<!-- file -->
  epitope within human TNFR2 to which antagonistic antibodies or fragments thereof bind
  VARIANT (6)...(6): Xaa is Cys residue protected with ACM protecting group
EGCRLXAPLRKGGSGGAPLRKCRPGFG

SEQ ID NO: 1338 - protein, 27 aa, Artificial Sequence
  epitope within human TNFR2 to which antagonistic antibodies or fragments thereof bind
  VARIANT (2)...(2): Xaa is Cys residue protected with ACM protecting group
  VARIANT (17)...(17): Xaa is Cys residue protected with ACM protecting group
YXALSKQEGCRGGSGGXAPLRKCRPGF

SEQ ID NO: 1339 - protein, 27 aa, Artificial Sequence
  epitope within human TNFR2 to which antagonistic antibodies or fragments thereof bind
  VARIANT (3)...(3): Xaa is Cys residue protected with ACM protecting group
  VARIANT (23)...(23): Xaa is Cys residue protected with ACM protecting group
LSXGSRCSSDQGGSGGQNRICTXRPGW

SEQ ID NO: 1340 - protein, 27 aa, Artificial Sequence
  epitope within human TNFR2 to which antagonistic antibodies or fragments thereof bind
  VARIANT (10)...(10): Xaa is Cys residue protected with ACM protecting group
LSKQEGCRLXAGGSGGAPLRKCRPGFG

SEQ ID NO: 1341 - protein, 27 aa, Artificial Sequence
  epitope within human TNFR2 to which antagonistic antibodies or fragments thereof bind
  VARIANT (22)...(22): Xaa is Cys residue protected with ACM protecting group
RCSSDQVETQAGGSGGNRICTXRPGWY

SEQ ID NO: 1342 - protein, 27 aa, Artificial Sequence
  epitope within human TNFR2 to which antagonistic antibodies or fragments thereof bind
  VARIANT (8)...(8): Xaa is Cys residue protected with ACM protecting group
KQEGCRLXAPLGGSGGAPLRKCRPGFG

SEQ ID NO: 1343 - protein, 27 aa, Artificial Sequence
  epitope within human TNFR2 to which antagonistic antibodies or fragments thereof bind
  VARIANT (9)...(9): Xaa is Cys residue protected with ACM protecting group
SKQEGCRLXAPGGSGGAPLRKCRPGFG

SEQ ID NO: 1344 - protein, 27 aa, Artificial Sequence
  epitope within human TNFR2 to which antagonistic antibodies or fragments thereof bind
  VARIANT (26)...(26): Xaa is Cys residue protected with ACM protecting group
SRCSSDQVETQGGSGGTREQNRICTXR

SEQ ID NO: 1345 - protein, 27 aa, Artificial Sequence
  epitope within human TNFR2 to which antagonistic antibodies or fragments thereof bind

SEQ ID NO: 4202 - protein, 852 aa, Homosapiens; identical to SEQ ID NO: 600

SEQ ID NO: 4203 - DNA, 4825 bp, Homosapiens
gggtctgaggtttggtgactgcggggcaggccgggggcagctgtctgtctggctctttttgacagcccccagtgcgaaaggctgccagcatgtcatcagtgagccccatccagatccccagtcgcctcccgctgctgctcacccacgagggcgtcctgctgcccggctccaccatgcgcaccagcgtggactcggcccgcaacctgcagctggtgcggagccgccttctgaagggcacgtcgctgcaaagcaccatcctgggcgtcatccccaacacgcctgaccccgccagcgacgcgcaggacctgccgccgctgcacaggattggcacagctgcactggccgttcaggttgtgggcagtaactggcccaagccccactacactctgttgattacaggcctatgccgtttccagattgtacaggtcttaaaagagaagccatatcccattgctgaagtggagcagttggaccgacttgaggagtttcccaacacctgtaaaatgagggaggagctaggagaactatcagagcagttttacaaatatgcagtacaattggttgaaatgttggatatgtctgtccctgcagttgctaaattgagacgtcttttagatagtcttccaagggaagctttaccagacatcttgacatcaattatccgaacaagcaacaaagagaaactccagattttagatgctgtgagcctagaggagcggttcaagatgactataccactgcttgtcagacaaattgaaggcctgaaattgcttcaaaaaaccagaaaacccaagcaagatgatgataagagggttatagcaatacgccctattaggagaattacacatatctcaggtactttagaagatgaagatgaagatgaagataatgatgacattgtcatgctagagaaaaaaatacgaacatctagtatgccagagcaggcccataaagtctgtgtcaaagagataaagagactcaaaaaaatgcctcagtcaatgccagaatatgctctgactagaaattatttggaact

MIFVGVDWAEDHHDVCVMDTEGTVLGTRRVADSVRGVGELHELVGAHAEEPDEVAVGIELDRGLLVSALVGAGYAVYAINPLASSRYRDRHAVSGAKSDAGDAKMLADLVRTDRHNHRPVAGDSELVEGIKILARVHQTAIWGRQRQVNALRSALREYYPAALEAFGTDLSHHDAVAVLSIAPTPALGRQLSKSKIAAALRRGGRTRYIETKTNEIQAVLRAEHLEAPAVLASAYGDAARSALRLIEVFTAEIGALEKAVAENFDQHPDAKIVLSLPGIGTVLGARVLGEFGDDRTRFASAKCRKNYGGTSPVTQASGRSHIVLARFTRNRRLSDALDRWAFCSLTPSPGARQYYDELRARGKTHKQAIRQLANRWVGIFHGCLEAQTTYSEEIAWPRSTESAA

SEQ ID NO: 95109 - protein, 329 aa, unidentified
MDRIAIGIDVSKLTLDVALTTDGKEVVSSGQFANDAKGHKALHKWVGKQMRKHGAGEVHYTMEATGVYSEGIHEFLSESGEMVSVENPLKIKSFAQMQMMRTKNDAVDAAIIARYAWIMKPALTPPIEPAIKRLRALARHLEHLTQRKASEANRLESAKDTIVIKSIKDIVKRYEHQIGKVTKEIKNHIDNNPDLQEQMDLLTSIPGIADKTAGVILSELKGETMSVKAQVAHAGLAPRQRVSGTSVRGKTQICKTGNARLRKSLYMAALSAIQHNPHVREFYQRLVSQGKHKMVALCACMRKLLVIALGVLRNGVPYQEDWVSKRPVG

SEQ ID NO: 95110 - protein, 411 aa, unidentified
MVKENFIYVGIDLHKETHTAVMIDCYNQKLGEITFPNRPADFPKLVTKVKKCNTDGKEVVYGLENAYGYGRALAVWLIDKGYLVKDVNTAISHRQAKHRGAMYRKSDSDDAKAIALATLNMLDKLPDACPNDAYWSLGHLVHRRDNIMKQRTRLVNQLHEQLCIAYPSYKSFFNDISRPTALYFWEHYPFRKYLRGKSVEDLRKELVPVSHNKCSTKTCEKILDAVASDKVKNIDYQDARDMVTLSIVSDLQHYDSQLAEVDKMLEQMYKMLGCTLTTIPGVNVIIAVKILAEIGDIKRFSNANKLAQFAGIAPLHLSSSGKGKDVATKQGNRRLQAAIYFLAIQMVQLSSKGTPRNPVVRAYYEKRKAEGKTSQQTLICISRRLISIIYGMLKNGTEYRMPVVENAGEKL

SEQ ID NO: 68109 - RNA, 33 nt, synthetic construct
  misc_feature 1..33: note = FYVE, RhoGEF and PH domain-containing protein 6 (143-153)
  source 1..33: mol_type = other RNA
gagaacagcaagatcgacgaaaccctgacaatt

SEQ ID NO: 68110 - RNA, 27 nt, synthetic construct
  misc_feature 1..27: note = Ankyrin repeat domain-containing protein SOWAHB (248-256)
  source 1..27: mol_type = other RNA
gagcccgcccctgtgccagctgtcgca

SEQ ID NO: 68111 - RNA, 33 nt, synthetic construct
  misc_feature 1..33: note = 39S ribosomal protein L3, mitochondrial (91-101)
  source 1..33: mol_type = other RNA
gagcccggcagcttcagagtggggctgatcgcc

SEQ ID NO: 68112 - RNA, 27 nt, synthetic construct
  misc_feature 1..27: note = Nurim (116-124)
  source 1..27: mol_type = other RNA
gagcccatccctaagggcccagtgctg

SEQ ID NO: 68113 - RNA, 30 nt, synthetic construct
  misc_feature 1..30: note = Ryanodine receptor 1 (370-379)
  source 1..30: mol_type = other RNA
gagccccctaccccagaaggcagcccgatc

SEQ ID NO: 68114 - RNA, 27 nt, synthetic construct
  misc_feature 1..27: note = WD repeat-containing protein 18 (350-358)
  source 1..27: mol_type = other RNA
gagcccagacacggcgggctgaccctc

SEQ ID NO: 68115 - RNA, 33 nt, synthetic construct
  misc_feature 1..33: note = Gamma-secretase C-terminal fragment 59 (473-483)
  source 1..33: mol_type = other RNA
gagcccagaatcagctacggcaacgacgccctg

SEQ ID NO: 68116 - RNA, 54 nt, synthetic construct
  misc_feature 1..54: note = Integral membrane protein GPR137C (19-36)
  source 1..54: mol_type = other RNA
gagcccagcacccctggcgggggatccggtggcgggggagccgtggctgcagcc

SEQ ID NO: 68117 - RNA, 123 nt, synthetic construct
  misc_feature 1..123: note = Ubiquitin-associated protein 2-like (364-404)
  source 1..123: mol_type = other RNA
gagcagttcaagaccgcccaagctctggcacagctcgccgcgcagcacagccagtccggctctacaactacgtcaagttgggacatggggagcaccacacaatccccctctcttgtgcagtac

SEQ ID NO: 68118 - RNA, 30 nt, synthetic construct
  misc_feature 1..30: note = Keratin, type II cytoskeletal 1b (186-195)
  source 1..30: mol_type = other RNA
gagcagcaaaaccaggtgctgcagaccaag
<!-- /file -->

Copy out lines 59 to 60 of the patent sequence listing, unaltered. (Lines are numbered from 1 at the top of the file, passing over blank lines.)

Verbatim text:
gagcccatccctaagggcccagtgctg

SEQ ID NO: 68113 - RNA, 30 nt, synthetic construct